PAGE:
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FIRE CAPTAIN DIES (Tower Ladder/ICE Challenge) IN THE LINE OF DUTY (The Secret List)

Saturday, September 20, 2014  KENTUCKY FIRE CAPTAIN SUCCUMBS TO INJURIES-LINE OF DUTY DEATH

The Secret List www.FireFighterCloseCalls.com

We regret to pass on to you that Campbellsville (KY) Fire Department Capt. Tony Grider, 41, who has been in very critical condition at University of Louisville Hospital, has died in the Line of Duty.

As you know, he was the most seriously injured Firefighter when electricity from a high-voltage line arced onto the boom of the tower ladder they were using in the student fundraising event at Campbellsville University, several weeks ago.

3 other Firefighters suffered electrical shocks but were released after being treated.

 
The firefighters were helping students in the marching band raise money for ALS. When the bucket was lowered, it got too close to a high-power electrical line overhead. Current from the line arced, striking the bucket holding 2 Firefighters.

The other two firefighters suffered shocks when they took control of the ladder from below, but weren't seriously injured. The accident knocked out electrical power in parts of two counties.

Our condolences to all affected. RIP. Details to follow.




SUPPORTING HEROES TRIBUTE PAGE: http://www.supportingheroes.org/memorial/hero.php?hero_id=1746
 

Take Care. Be Careful. Pass It On. 

BillyG

The Secret List 9-20-2014 1300 hrs

www.FireFighterCloseCalls.com

 

 

 

 

You Really Want To Be In Command? Seriously? (The Secret List)

Thursday, September 18, 2014  Hey,

I remember years ago watching young firefighters in volunteer companies race to ride the front seat-after all, the radio, the sirens and the horns were the priority. In career departments, firefighters would want to "ride up" when the Lieutenant or captain had the day off, sometimes for the same reasons. I did both as many of you did-and do.




Be it the front seat or arriving in a car, the SUV or whatever, having command means you literally own that scene and you are responsible for everyone, everything and anything that can happen.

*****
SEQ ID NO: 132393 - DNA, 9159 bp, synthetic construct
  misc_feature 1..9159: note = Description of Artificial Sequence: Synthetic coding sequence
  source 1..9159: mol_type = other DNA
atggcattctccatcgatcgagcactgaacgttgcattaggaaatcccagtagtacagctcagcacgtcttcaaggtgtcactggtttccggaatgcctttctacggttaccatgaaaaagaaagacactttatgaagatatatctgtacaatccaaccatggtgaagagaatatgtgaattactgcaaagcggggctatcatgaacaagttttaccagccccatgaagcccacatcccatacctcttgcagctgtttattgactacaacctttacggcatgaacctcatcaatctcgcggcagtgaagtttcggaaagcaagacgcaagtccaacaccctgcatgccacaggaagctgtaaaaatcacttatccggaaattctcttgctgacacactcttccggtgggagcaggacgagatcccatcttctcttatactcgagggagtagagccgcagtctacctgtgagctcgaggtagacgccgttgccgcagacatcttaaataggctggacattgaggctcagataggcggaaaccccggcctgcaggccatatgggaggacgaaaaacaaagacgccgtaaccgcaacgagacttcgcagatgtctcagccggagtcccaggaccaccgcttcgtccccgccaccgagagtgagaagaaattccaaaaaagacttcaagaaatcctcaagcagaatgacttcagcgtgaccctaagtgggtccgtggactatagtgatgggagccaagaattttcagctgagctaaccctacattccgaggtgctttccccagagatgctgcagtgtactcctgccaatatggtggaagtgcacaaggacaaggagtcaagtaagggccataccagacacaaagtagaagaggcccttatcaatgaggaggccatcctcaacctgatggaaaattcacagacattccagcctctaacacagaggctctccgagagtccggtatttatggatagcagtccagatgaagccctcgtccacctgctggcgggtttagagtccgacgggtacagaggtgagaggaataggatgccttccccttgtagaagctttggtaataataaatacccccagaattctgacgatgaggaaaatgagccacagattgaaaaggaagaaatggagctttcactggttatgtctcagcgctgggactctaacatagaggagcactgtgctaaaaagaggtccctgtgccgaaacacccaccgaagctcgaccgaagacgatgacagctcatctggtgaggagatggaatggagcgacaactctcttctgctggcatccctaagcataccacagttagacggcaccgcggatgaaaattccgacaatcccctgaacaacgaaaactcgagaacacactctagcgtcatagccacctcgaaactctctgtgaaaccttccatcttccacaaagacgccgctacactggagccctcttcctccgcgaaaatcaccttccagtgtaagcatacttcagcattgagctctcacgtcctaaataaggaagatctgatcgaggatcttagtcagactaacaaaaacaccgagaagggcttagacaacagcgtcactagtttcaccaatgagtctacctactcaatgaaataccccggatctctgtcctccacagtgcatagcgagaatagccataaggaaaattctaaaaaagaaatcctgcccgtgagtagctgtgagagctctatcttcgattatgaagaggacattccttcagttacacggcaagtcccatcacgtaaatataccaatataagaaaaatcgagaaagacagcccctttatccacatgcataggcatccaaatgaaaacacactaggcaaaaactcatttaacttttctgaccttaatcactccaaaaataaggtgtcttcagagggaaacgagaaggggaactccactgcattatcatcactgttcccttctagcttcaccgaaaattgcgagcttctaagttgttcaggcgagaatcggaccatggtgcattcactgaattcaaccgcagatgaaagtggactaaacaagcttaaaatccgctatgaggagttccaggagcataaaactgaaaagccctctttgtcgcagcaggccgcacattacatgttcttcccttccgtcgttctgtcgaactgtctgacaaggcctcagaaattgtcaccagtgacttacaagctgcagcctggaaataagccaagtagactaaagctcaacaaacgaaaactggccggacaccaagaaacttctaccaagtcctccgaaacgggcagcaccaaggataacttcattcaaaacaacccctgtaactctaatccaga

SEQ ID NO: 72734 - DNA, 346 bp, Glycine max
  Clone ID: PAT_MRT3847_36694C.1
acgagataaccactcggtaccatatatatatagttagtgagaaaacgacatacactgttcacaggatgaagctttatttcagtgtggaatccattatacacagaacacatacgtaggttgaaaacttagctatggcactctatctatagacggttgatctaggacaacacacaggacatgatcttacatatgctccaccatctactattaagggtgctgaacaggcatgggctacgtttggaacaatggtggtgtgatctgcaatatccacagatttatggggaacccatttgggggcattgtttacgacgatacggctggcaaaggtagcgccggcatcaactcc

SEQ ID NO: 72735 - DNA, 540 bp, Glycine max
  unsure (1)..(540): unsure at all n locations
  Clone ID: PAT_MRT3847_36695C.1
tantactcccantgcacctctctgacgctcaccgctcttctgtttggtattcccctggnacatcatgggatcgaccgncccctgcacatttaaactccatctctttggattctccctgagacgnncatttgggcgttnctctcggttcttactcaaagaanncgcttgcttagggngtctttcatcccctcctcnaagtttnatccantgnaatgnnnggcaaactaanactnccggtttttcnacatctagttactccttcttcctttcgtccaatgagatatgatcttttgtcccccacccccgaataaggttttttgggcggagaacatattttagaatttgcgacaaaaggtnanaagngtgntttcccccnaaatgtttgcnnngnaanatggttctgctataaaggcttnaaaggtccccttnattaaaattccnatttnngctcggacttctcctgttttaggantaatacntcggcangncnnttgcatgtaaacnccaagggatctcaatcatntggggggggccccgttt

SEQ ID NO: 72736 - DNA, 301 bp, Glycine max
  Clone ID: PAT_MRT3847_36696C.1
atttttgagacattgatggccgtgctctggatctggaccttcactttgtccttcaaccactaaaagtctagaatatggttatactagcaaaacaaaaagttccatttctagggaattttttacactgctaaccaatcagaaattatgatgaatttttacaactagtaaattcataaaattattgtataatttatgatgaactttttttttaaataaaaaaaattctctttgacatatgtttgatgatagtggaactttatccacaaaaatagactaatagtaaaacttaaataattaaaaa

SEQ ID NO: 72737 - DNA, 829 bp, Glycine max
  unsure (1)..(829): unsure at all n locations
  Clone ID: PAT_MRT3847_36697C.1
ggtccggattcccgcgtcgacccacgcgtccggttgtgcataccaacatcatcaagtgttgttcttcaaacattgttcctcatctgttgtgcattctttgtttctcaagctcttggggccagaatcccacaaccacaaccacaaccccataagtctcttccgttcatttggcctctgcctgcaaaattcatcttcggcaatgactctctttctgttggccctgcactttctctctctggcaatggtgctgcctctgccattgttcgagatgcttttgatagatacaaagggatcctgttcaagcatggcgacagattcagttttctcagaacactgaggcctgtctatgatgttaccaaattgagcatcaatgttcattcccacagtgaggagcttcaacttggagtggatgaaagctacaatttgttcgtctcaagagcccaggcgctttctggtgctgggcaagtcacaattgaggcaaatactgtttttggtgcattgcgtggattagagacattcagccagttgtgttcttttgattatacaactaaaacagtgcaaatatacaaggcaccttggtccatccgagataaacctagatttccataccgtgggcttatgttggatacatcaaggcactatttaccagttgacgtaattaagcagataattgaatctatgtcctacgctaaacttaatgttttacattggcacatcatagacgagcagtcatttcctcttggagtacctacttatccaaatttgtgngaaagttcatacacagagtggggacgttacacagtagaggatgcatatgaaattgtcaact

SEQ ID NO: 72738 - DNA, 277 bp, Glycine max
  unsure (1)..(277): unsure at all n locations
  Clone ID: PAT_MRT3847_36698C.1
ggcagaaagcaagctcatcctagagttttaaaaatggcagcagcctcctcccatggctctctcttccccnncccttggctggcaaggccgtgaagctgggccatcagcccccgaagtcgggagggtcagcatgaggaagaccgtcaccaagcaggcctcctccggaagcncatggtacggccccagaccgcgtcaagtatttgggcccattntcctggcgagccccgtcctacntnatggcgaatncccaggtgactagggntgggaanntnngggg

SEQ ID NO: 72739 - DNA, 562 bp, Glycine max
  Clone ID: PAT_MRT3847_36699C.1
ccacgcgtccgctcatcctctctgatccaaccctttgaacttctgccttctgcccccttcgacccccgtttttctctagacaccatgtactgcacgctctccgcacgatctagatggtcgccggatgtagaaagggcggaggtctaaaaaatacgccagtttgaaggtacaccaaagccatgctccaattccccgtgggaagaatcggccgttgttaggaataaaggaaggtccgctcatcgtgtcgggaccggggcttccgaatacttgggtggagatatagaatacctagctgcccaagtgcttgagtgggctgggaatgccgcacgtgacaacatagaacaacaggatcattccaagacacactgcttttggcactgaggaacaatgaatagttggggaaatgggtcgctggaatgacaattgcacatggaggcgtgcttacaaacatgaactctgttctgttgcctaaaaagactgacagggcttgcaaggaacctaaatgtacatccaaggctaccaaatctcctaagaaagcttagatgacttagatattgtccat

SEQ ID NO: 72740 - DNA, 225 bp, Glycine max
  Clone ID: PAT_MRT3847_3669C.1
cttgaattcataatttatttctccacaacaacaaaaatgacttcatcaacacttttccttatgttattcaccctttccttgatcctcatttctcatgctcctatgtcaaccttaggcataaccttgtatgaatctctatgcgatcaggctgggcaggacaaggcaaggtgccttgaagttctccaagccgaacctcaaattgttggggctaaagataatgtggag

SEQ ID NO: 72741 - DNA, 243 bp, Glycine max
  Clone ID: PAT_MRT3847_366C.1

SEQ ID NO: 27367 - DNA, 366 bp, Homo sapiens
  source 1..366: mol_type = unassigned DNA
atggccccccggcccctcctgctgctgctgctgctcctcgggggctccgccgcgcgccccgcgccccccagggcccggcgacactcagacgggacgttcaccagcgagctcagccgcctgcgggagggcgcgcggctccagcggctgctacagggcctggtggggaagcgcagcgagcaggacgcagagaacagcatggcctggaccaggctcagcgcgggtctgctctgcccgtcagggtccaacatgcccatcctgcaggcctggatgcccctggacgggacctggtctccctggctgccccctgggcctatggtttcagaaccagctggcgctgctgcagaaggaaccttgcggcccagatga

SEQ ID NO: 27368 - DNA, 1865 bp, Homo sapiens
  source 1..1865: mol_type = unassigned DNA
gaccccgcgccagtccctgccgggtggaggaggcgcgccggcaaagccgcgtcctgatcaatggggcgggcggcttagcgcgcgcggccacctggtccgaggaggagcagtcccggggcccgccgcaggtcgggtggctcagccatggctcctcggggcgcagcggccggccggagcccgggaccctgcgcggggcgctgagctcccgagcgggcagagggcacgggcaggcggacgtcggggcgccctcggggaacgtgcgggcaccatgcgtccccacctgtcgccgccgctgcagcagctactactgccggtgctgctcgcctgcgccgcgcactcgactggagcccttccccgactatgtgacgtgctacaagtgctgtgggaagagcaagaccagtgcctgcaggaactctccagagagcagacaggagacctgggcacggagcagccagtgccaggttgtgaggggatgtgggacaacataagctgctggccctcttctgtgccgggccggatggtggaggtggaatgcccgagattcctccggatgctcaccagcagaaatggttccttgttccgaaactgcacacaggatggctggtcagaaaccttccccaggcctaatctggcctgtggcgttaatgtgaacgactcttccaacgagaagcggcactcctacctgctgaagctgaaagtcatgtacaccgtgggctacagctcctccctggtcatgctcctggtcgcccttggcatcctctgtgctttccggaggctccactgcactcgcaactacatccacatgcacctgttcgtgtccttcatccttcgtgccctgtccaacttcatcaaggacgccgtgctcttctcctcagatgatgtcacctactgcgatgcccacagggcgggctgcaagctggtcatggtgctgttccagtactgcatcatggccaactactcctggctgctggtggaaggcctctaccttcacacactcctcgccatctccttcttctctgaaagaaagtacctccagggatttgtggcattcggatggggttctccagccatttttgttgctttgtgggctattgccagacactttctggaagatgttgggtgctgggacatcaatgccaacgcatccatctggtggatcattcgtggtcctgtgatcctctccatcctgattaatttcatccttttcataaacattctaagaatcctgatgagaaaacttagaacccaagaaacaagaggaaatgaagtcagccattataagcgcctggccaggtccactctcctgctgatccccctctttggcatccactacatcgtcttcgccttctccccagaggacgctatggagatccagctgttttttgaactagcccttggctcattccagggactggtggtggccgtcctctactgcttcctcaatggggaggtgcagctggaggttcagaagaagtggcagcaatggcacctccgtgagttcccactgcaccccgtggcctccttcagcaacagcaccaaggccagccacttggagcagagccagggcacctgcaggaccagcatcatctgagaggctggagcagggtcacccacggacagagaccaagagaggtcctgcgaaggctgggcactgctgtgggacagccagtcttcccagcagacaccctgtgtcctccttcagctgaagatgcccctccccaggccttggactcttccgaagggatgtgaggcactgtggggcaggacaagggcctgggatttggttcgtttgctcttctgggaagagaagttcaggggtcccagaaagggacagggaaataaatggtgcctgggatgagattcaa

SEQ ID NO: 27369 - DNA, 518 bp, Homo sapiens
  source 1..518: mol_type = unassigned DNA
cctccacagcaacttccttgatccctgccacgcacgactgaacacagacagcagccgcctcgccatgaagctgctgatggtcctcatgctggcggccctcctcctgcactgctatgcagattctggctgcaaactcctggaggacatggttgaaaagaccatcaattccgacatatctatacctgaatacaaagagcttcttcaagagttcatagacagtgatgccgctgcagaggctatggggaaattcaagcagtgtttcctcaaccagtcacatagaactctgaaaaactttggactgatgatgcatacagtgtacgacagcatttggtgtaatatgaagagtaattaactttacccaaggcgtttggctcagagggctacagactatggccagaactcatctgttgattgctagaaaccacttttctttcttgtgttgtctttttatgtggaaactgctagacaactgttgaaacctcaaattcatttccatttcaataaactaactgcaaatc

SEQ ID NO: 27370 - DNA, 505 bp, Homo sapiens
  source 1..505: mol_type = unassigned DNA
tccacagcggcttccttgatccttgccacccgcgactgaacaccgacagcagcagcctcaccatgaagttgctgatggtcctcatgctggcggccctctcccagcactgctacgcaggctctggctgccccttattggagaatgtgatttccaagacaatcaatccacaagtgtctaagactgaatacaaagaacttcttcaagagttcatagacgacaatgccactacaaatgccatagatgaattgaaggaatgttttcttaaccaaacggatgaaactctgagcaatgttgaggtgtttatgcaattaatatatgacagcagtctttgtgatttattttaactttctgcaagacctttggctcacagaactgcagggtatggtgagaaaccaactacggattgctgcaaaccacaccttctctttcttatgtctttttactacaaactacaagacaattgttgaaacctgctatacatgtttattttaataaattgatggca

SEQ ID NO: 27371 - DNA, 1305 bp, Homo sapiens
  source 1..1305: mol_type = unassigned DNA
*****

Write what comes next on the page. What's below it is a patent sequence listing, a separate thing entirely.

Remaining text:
It's no BS and serious, serious stuff.

I'm not sure I can emphasize that any more than so many fire service writers have over so many years. 

The first interesting transformation happens (hopefully) when firefighters go from firefighter to company officer-and you have to deal with (as Chase Sargent says) the "Buddy to Boss" stuff. It's a big deal.




The next real interesting transformation (again, hopefully), is when a company officer goes from the front seat of the rig-to the front seat of the chiefs car, chief SUV or whatever your command officers arrive in. S
uddenly, you own that scene.

It's a huge deal. You are the bottom line of every aspect and action at that incident. You ARE command, control, accountability and communication. Your "day" has come-and hopefully, those before you have provided solid and verifiable training that is actually applicable to the job you now own - and the massive responsibility you now have. 

When things go right-and hopefully they do purposely, it's a good day-and that is what happens most days. Again-hopefully by design vs. just because.




However-when things go wrong on the fire or fire training ground, it can be life altering.

Life altering to civilians.

Life altering to your Firefighters.

Life altering to you...which includes your family and friends around you.




Take a few minutes to read these two articles and the related reports.




==The first is the Line of Duty Death of  Dallas Firefighter. If you have every commanded (or dreamed of commanding) a fire, absolutely read this article-and the reports.




Investigative reports show Dallas firefighter died due to fire commanders’ decisions, communication problems.

http://thescoopblog.dallasnews.com/2014/09/investigative-reports-show-dallas-firefighter-died-due-to-commanders-decisions-communication-problems.html/




==The second is the Line of Duty death of a Fire Officer during "smoke diver" training: 




When a Lesson Took a Dangerous Turn, a Room Full of Firefighters Couldn't Save One Of Their Own: Fire Officer Neal Smith.

http://blogs.houstonpress.com/news/2014/09/neal_smith_firefighter_death.php 

Above related NIOSH report: 

 http://www.cdc.gov/niosh/fire/pdfs/face201227.pdf 

Above related Texas State Fire Marshal's report:

http://www.tdi.texas.gov/reports/fire/documents/fmloddsmith.pdf 







Take some time to read the articles and the related reports. If these reports do anything, they remind us that like every firefighter, training as a command officer never stops. Everyday is a training day...from reading, reviewing, studying, simulators, hands on, live drills or whatever-the "coaching staff" of the fire departments responsibility to take care of their "players" is never ending-it's a massive responsibility-and it is not for everyone.